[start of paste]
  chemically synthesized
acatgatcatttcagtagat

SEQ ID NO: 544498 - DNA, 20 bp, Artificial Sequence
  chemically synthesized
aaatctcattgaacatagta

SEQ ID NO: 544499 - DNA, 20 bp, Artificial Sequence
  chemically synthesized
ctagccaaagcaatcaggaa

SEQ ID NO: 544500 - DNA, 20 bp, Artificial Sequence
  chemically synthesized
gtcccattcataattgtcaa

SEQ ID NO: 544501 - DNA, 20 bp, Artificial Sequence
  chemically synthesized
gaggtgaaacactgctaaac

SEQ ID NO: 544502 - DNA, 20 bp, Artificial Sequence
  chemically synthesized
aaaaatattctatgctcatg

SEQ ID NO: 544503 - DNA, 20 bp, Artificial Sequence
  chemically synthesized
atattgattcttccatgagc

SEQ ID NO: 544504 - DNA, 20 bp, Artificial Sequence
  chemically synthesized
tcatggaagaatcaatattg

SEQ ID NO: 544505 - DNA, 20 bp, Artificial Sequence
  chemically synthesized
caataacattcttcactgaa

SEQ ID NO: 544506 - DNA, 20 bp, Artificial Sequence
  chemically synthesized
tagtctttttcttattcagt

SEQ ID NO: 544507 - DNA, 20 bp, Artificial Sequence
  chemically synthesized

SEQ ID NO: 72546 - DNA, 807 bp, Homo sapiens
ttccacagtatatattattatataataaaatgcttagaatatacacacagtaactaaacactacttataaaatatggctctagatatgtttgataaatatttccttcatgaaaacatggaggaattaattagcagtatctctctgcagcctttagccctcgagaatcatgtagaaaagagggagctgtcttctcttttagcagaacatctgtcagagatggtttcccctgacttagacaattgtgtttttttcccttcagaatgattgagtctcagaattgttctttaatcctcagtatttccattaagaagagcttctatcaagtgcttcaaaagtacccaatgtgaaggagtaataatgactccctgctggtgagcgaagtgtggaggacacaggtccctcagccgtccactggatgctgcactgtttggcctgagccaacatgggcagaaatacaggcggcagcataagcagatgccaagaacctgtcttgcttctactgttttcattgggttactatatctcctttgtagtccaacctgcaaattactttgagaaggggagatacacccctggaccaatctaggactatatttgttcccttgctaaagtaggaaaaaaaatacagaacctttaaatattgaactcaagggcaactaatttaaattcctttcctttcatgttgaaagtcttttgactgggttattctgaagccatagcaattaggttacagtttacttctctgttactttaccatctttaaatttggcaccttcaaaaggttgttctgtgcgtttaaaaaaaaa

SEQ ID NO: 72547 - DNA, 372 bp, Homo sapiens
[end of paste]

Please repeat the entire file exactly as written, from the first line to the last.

  chemically synthesized
acatgatcatttcagtagat

SEQ ID NO: 544498 - DNA, 20 bp, Artificial Sequence
  chemically synthesized
aaatctcattgaacatagta

SEQ ID NO: 544499 - DNA, 20 bp, Artificial Sequence
  chemically synthesized
ctagccaaagcaatcaggaa

SEQ ID NO: 544500 - DNA, 20 bp, Artificial Sequence
  chemically synthesized
gtcccattcataattgtcaa

SEQ ID NO: 544501 - DNA, 20 bp, Artificial Sequence
  chemically synthesized
gaggtgaaacactgctaaac

SEQ ID NO: 544502 - DNA, 20 bp, Artificial Sequence
  chemically synthesized
aaaaatattctatgctcatg

SEQ ID NO: 544503 - DNA, 20 bp, Artificial Sequence
  chemically synthesized
atattgattcttccatgagc

SEQ ID NO: 544504 - DNA, 20 bp, Artificial Sequence
  chemically synthesized
tcatggaagaatcaatattg

SEQ ID NO: 544505 - DNA, 20 bp, Artificial Sequence
  chemically synthesized
caataacattcttcactgaa

SEQ ID NO: 544506 - DNA, 20 bp, Artificial Sequence
  chemically synthesized
tagtctttttcttattcagt

SEQ ID NO: 544507 - DNA, 20 bp, Artificial Sequence
  chemically synthesized

SEQ ID NO: 72546 - DNA, 807 bp, Homo sapiens
ttccacagtatatattattatataataaaatgcttagaatatacacacagtaactaaacactacttataaaatatggctctagatatgtttgataaatatttccttcatgaaaacatggaggaattaattagcagtatctctctgcagcctttagccctcgagaatcatgtagaaaagagggagctgtcttctcttttagcagaacatctgtcagagatggtttcccctgacttagacaattgtgtttttttcccttcagaatgattgagtctcagaattgttctttaatcctcagtatttccattaagaagagcttctatcaagtgcttcaaaagtacccaatgtgaaggagtaataatgactccctgctggtgagcgaagtgtggaggacacaggtccctcagccgtccactggatgctgcactgtttggcctgagccaacatgggcagaaatacaggcggcagcataagcagatgccaagaacctgtcttgcttctactgttttcattgggttactatatctcctttgtagtccaacctgcaaattactttgagaaggggagatacacccctggaccaatctaggactatatttgttcccttgctaaagtaggaaaaaaaatacagaacctttaaatattgaactcaagggcaactaatttaaattcctttcctttcatgttgaaagtcttttgactgggttattctgaagccatagcaattaggttacagtttacttctctgttactttaccatctttaaatttggcaccttcaaaaggttgttctgtgcgtttaaaaaaaaa

SEQ ID NO: 72547 - DNA, 372 bp, Homo sapiens